Bahrain, June 2002. Fluenta, a global leader in ultrasonic sensing and measurement of flare gas, wins a five-year contract to supply the Bahraini oil and gas company, Tatweer Petroleum, with ultrasonic flare gas measurement solutions.
The contract deal will enable Tatweer Petroleum to improve its efficiency and comply with increasing national and global regulations to measure, monitor, and report flare gas emissions.
Tatweer Petroleum is one of the largest crude oil producers in the Bahrain region and is taking a proactive approach to further improve its position in the oil and gas industry. The company is responsible for all upstream operations in Bahrain, including oil and gas exploration, development, production activities, and gas distribution and sales.
Fluenta has recently expanded its product line of flare gas metering solutions with the launch of the award-winning FlarePhaseTM transducers. The latest invention boasts the widest temperature handling capabilities (+350°C to -200°C). Fluenta’s FlarePhaseTM transducers enable process plants to measure flare gas even with challenging compositions (H2, CO2, CH4) with a range of accuracies better than ±0.75%, control mass balance, and detect abnormal process changes to prevent leakage.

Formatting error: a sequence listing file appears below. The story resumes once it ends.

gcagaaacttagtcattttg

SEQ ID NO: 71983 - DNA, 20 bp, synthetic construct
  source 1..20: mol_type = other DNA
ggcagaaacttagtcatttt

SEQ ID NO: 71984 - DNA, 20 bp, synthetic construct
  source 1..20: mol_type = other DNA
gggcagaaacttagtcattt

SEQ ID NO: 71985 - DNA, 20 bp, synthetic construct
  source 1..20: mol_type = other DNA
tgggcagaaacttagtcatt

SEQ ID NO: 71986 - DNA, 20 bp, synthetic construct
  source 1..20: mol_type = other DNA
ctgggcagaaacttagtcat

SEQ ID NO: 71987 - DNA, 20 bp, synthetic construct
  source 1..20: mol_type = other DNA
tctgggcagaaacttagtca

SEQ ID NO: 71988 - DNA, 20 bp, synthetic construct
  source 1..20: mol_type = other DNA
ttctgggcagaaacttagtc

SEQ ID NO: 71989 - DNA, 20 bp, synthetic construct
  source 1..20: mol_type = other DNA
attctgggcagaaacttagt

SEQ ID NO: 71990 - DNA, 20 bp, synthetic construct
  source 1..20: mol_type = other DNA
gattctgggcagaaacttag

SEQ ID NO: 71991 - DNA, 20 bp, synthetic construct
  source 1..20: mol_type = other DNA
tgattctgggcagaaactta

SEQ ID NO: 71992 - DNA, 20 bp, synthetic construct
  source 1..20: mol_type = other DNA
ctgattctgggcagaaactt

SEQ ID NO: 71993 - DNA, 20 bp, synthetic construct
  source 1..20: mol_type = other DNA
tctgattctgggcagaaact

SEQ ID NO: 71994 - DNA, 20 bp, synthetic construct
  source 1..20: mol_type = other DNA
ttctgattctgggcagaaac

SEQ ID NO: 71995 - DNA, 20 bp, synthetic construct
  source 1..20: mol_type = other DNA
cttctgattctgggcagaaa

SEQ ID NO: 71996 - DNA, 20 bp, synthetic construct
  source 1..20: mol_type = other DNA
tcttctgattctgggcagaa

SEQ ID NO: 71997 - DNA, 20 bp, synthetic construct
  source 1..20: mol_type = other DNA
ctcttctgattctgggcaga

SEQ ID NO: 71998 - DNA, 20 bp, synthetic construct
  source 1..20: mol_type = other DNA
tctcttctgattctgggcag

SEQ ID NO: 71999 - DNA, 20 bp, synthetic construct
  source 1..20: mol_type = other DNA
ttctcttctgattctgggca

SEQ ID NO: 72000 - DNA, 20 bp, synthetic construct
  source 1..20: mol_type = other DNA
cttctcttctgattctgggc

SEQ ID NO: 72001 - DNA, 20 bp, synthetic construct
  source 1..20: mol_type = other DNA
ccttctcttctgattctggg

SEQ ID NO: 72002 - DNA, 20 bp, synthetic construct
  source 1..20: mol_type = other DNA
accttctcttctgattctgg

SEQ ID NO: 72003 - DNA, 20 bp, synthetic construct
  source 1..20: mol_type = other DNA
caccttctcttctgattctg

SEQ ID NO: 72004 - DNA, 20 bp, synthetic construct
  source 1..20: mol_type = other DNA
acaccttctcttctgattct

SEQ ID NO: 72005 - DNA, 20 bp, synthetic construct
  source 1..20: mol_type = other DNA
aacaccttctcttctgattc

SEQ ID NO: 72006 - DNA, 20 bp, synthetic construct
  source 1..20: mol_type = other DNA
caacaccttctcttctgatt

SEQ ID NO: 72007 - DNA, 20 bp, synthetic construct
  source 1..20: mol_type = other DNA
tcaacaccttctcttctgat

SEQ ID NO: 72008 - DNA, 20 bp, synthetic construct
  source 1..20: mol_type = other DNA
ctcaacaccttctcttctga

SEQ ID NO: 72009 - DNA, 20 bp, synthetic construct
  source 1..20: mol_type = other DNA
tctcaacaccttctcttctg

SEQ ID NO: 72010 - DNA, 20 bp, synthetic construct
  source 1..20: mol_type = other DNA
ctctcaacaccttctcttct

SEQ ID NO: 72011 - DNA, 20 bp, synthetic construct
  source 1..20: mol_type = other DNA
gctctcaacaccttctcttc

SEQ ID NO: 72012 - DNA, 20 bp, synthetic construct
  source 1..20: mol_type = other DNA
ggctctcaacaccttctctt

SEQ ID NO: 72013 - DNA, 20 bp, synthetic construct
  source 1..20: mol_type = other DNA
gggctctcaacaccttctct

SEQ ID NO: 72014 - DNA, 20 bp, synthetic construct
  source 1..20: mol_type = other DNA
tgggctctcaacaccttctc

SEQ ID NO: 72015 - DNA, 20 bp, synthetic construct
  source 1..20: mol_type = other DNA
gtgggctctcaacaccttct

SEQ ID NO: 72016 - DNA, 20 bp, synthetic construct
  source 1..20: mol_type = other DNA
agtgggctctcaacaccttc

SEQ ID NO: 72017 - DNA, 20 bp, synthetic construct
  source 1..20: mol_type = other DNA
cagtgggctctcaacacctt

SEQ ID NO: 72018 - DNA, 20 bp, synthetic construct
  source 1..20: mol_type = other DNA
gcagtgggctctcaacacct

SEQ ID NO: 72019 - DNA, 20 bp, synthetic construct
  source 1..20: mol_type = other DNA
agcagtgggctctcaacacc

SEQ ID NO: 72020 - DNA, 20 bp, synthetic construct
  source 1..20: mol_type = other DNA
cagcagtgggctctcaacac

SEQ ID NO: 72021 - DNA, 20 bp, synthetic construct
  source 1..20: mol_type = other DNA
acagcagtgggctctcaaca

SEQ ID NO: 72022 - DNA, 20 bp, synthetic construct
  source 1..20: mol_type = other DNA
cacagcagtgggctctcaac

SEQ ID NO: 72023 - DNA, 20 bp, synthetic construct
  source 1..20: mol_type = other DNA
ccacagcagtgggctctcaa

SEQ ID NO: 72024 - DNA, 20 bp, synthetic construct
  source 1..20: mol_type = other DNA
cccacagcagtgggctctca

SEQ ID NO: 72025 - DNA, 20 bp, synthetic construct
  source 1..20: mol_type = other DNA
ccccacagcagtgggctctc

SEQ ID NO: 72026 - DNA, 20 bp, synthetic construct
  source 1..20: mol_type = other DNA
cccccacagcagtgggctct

The deal was facilitated by Fluenta’s local partner in Bahrain, Techno-line Trading and Services W.L.L.
Alex Keys, Fluenta’s EMEA Sales Director, commenting on the new deal, said, “we’re delighted to be awarded this contract by Tatweer. It’s a great recognition and acknowledgement for our capabilities seen as a match for Tatweer’s proactive strategy for excellence. Tatweer’s approach is to do every job safely while continually seeking better technology and processes and focusing on cost-efficiency. We look forward to supporting the company’s economic and environmental vision.”
Fluenta’s presence is rapidly growing across the Middle East and North Africa to enable local operators to achieve precise flare gas measurement and take control of greenhouse gas emissions to better comply with the Zero Routine Flaring Initiative and global net-zero emissions goals. The region flares 50 billion cubic meters per year, placing it second after Russia and the Caspian region.